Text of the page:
Your battery is fine and you’ve confirmed that the ignition switch is working as well. But when you turn the key, you get nothing. The next, logical, cost effective step is to check out the ignition solenoid.
When it comes to electronic components on the average lawn mower, it’s “shocking” how easy it can all be.
See what I just did there…with the “shocking” thing…?
So, let’s take a minute to talk about one of the most frequently replaced electronic parts of any electric start mower: the Ignition Solenoid.
The ignition solenoid. The ignition coil. It goes by several names. But if your mower has an electronic key start, then your mower has an ignition solenoid; and it looks something like this…
Now, the purpose of the ignition solenoid is to allow the battery to start your engine. And this is how it works…
As far as the average consumer goes, there are three basic components to the ignition solenoid.
First, there is the battery terminal. The hot wire from the battery attaches to this terminal, providing an electric current to the solenoid.
Next, there is the electric starter motor terminal. A wire connects this terminal to the electric starter motor.
Starter Motor Terminal
Next, there is the ignition terminal. The wire from the key start switch attaches to this connector. This allows the key switch to activate the solenoid.
Finally, there are the mounting brackets…
…which is how the solenoid mounts to the mower itself. There may be two, or four. Some allow mounting from the bottom or the back. Before purchasing a new solenoid, make sure to confirm how it mounts.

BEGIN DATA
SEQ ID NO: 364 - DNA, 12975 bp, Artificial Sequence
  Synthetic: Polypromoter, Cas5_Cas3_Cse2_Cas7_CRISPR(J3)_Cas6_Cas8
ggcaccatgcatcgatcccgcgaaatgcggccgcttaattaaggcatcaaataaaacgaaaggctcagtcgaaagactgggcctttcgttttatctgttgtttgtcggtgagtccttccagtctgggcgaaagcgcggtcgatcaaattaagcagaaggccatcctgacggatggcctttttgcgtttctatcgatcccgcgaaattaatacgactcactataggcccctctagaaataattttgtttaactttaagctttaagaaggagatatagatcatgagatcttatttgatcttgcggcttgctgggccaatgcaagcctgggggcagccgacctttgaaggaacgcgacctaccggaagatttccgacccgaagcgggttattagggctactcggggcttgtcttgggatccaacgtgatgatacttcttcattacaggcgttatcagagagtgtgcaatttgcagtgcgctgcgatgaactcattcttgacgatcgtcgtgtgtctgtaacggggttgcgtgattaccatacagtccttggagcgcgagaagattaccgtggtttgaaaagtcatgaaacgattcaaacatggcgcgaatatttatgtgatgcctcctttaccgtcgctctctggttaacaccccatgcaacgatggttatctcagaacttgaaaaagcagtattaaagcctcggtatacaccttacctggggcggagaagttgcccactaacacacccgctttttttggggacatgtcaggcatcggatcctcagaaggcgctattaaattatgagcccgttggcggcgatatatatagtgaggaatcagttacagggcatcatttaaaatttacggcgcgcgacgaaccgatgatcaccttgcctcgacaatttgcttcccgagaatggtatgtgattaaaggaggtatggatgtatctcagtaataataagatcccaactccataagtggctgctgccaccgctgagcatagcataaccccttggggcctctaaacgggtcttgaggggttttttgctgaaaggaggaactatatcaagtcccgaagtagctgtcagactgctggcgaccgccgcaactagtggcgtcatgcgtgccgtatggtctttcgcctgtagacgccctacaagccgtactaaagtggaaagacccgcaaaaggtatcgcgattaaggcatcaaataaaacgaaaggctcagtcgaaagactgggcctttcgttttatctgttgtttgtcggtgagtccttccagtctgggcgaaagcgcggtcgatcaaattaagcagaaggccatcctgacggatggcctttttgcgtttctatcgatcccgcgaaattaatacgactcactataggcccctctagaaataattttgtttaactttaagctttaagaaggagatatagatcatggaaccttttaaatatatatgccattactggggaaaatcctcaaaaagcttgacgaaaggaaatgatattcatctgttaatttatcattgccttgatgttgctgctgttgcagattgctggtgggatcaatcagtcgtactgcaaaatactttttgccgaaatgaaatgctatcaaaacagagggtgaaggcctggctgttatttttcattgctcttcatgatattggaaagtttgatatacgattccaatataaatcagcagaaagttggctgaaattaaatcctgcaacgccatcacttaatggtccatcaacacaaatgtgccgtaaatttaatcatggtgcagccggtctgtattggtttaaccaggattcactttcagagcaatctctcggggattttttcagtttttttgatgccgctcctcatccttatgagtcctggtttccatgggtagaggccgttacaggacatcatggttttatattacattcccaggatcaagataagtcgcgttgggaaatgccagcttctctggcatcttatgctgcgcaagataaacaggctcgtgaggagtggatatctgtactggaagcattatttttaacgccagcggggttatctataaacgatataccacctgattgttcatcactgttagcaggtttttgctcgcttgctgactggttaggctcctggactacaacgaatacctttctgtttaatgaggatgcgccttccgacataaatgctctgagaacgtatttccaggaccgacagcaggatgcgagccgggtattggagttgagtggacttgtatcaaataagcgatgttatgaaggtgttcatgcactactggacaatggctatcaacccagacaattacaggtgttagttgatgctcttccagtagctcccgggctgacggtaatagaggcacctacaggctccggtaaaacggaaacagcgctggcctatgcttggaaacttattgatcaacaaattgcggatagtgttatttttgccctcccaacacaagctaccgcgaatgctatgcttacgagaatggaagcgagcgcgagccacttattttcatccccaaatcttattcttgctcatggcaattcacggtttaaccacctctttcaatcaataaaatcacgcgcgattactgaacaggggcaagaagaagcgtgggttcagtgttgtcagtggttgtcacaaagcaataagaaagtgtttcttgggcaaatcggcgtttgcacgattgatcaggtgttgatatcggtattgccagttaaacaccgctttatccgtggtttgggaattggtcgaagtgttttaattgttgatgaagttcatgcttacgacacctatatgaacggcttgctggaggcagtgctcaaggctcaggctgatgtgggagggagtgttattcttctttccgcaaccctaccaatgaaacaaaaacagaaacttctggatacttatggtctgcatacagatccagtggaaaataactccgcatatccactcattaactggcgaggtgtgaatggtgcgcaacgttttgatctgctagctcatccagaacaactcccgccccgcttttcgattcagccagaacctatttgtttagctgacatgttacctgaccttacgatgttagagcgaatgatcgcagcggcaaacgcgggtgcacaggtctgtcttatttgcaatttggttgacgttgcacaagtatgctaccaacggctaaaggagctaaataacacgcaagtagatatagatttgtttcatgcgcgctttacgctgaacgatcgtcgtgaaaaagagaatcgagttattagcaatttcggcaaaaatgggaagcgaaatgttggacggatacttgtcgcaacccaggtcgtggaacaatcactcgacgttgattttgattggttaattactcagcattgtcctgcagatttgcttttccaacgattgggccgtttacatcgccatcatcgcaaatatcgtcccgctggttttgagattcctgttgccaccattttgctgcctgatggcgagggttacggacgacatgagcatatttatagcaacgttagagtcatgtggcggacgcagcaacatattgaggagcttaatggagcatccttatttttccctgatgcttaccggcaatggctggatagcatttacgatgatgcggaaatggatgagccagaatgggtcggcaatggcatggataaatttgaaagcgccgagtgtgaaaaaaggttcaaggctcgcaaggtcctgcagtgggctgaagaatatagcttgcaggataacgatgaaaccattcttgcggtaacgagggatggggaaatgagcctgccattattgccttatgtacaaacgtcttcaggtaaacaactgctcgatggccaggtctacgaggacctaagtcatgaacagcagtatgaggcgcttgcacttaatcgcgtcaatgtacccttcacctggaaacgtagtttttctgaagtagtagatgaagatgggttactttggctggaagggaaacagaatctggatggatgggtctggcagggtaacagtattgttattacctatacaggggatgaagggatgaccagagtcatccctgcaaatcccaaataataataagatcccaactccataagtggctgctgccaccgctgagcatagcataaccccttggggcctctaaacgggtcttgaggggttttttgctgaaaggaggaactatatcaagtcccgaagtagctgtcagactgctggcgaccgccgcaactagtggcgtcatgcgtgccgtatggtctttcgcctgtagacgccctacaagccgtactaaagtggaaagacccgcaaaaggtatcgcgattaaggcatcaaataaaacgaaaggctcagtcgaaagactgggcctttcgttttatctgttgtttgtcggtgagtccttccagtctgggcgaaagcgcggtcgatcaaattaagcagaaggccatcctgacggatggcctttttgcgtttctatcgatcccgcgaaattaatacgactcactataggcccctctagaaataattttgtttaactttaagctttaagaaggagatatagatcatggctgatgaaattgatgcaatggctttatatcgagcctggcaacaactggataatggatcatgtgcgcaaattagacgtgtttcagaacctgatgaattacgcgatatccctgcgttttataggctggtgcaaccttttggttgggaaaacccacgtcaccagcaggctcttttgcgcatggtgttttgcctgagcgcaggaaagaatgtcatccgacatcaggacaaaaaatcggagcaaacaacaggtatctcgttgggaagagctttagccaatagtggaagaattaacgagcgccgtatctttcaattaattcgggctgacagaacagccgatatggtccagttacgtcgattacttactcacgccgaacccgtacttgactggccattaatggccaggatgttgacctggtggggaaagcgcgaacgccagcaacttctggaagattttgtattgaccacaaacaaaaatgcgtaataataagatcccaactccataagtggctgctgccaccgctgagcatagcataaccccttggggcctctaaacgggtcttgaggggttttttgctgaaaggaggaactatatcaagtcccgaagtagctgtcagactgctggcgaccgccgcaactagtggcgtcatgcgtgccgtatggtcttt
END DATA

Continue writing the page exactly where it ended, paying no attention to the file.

A LITTLE BIT ABOUT THE INSIDE
Your battery is connected to the solenoid by a cable that provides a continual source of electricity to the solenoid. But when the electricity reaches the solenoid, it stops. See, that’s what the solenoid does! It acts as a switch that interrupts (and ultimately completes) the electrical flow from the battery to the engine.
So when you turn your ignition key, it sends a small amount of electricity (about 12 volts) to the solenoid. (See that small, red wire attached to the terminal in the front?)
Inside of your solenoid is a copper coil wrapped around a metal rod. And our High School science stuff tells us that when you zap a copper coil that’s wrapped around metal, the metal turns into a magnet.
And that’s what happens here!
The electricity from the ignition wire charges that copper coil, which turns that plunger in the middle into a magnet. Then the magnetized metal rod tries to slip up and out of the coil. How? Well, I call it sorcery, but you might call it magnetic force.
So up goes the plunger. And when it gets high enough it connects with the battery and starter terminals. And you guessed it… the connection is then complete and the electricity from the battery is then allowed to travel to the engine.
And that’s how it works.
REPLACING YOUR SOLENOID
Luckily, replacing a solenoid is one of the easiest procedures in lawn mower repair and it pretty much boils down to remembering which “what” was attached to which “where”.
To do this job, you’ll need the following:
3/8” socket & 7/16″ socket
Cell phone w/ camera (optional)
Before we proceed, let’s make sure your key switch is in the off position and let’s go ahead and use that 7/16″ socket to disconnect the battery.
Got it? Good.
Now, let’s take a look at the solenoid. You’ll see that wires connect to the various terminals by loosening and tightening a nut.
Some solenoids may also have spade connectors as well.
It may be a good ideas to snap a quick photo of the entire set up before we start disconnecting things. This will provide a reference when re-connecting everything.
- Disconnect the Battery cable.
- Disconnect the Starter cable.
- Disconnect the Ignition cable.
- Using your 3/8″ socket, remove the mounting bolts and the old solenoid.
- Now, reverse the procedure and you’re good to go.
And there you have it! The ignition solenoid in all its glory.
Now go out and enjoy the rest of your day. You’ve earned it.
We carry a large selections of small engine solenoids ready to ship direct to your door.
Do you have questions about small engine ignition solenoids? Feel free to contact us via phone, email or the comments section below.